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ZURICH (Reuters) - Swiss drugmaker Novartis's plant in Colorado, has just passed an inspection by U.S. regulators, giving it hope that quality control problems in its North American plants are being solved.
Last December, the U.S. Food and Drug Administration cited Novartis for significant violations of manufacturing regulations at its three generic drug plants in Colorado, North Carolina and Quebec, Canada.
Chief Executive Joseph Jimenez told the Finanz und Wirtschaft newspaper in an interview on Friday that Novartis had been working since January to bring quality standards back up to the level of other Novartis plants.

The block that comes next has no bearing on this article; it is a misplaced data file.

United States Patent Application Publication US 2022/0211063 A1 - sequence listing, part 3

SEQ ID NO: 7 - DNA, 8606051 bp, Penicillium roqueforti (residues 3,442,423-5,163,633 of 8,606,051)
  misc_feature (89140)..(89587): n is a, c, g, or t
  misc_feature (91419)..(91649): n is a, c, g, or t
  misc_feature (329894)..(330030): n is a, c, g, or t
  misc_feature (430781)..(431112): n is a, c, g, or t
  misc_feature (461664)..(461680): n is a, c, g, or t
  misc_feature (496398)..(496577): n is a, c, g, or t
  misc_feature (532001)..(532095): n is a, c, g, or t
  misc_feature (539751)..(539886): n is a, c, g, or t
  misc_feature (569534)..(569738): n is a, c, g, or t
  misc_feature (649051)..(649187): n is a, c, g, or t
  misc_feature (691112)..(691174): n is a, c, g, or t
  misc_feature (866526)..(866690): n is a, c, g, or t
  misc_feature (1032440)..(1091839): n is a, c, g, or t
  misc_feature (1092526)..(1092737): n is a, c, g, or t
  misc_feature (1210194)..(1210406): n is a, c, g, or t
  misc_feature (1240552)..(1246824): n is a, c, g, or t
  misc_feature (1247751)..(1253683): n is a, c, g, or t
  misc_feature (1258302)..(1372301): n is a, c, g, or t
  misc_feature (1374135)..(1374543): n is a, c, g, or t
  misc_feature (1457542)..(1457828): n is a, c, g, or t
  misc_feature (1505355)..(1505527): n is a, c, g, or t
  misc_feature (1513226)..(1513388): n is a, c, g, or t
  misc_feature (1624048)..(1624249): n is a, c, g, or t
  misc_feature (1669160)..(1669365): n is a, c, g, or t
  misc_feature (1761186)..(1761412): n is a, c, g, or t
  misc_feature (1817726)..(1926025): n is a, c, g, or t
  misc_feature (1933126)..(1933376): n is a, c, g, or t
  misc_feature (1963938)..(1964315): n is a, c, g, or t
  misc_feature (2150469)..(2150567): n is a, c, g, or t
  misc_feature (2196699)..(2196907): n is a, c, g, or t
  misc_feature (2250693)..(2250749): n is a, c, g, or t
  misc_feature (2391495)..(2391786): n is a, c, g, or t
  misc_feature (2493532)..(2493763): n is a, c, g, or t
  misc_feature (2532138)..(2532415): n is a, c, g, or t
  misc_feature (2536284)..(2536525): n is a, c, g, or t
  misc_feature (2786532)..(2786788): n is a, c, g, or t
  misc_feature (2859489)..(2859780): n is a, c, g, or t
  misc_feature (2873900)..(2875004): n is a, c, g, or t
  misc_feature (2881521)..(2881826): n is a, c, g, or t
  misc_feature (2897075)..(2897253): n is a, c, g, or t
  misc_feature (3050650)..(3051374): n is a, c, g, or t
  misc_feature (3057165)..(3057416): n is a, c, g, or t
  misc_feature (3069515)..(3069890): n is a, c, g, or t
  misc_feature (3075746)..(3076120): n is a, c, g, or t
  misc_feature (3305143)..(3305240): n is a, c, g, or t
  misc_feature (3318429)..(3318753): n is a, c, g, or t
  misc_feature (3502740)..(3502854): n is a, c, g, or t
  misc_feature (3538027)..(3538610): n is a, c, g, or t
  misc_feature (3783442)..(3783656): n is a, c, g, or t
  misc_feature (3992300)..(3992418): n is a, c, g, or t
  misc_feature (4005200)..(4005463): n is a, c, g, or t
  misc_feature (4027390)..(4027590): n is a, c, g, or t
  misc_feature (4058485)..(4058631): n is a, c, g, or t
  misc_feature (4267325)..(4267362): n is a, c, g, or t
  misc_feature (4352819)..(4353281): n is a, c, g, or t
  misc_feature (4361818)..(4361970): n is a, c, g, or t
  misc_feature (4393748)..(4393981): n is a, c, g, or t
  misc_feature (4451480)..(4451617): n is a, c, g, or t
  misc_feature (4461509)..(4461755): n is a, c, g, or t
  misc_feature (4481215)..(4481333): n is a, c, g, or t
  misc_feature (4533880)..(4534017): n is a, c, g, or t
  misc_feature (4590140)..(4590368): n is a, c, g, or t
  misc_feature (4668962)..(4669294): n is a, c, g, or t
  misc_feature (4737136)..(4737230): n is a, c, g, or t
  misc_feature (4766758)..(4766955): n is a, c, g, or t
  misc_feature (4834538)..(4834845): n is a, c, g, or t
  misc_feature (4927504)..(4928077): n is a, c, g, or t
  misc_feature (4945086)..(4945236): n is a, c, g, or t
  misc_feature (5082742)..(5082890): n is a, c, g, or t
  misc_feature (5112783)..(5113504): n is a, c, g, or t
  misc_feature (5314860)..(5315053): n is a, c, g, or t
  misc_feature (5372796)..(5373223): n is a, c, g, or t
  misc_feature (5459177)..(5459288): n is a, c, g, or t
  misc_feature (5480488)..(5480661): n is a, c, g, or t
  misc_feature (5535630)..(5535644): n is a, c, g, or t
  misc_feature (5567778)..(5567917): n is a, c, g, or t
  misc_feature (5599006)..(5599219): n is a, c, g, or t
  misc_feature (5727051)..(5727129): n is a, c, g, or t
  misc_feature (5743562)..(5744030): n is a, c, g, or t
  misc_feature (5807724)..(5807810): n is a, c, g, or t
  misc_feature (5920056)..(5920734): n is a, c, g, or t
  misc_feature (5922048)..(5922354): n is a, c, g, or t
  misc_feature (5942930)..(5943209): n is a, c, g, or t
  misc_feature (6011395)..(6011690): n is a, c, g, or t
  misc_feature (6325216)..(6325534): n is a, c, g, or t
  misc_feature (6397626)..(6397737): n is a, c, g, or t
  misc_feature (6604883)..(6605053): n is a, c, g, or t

"In Bloomfield, Colorado, the FDA confirmed to us just today after an inspection that the plant is in such a condition. This development makes me confident. We are on the right track but must not stop," he said.
Novartis's consumer health division has also suffered from manufacturing problems at its Lincoln site, which has annualised sales of $1 billion. Novartis said last month it was taking longer than expected to restart commercial production.
Jimenez has rejected suggestions that a manufacturing glitch that led to Italy banning Novartis flu vaccines last month was the latest in a series of quality control problems.
Italian health authorities lifted the ban on Friday after accepting that the drugmaker had showed they posed no risk to safety. Canadian and Swiss health authorities had already lifted similar bans.
Reporting by Emma Thomasson; Editing by Greg Mahlich